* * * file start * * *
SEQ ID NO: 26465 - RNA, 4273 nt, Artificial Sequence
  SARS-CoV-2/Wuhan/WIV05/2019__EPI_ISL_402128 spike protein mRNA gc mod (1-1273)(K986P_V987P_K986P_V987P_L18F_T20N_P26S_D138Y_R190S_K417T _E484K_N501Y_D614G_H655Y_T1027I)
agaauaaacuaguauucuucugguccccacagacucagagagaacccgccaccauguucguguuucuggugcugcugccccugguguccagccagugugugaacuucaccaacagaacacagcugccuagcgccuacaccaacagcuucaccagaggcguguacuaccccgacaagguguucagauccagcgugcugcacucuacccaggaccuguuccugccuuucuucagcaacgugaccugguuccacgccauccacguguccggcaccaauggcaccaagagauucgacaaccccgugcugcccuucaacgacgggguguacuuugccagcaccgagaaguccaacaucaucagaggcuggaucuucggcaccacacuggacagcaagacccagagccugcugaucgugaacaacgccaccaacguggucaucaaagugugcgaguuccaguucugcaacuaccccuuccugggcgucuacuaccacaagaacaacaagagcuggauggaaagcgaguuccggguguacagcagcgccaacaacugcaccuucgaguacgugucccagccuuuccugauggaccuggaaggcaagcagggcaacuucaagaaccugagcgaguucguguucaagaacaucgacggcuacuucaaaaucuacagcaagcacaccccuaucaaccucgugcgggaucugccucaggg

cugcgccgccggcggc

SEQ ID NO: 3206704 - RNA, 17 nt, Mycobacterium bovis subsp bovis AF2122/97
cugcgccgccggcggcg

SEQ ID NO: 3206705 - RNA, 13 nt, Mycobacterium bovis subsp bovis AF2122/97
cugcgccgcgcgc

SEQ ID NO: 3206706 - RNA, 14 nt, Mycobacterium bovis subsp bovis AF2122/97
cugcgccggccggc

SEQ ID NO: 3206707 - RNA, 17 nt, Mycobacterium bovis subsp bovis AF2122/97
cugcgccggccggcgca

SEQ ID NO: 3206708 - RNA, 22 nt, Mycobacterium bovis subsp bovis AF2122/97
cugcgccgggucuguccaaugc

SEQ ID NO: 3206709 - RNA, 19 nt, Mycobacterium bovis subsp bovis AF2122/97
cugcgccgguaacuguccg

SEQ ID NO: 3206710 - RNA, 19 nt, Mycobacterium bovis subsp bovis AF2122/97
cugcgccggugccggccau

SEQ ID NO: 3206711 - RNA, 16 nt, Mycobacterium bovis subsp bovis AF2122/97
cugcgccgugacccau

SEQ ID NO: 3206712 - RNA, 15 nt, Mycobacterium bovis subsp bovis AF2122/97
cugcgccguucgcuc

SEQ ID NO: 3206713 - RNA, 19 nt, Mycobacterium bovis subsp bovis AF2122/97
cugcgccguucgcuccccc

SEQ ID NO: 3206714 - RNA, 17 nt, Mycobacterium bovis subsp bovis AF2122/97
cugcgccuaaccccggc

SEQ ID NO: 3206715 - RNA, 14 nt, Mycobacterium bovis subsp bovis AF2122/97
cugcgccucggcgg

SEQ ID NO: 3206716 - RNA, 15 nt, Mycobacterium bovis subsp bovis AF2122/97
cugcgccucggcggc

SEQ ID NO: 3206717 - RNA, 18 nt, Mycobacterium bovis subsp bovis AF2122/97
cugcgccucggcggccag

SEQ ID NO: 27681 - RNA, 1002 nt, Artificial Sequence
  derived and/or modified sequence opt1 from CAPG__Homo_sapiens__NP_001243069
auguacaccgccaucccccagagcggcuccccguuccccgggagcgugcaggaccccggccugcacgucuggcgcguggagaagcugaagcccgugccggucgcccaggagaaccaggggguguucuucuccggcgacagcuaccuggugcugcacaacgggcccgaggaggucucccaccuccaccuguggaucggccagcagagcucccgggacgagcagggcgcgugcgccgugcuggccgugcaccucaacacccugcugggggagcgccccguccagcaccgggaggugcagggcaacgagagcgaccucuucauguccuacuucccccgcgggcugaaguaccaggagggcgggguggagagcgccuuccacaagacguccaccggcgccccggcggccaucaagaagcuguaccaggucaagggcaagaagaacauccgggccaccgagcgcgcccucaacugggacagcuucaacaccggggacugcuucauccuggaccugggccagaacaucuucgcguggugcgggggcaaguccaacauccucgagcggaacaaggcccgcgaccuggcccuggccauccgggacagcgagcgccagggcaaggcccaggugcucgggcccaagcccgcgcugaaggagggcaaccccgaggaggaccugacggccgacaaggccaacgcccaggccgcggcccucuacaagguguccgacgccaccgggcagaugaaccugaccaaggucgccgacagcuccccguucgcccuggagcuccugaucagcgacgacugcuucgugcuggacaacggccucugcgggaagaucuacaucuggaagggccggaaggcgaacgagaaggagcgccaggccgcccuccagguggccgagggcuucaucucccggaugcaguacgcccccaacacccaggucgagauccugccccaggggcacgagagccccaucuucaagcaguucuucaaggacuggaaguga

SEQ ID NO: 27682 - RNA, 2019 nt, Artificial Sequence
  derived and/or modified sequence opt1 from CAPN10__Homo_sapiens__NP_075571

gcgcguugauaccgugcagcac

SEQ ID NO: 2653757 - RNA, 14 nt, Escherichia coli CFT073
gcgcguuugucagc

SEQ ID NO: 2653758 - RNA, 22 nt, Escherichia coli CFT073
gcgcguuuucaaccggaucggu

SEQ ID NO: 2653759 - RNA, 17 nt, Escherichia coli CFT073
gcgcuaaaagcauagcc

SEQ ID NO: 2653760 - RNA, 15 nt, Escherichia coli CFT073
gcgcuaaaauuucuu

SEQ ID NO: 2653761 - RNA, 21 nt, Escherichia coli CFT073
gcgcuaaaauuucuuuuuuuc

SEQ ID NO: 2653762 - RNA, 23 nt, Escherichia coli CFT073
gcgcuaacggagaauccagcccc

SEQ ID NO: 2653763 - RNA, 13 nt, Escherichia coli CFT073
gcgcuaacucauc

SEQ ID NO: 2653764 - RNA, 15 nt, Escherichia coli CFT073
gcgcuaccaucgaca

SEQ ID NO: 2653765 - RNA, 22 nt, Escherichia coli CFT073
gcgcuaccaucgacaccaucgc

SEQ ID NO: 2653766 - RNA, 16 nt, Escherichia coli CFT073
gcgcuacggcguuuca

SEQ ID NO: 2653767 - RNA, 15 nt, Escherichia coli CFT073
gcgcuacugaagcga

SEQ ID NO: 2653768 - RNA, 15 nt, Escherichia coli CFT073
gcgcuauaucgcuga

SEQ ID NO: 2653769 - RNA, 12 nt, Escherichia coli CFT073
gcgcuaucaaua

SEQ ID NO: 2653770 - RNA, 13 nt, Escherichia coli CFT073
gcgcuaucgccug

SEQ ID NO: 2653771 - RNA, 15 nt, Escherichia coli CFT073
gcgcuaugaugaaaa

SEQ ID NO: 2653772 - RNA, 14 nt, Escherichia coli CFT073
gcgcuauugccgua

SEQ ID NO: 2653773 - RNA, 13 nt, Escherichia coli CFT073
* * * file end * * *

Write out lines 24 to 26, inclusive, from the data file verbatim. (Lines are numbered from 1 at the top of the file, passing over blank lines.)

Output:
cugcgccguucgcuccccc

SEQ ID NO: 3206714 - RNA, 17 nt, Mycobacterium bovis subsp bovis AF2122/97
cugcgccuaaccccggc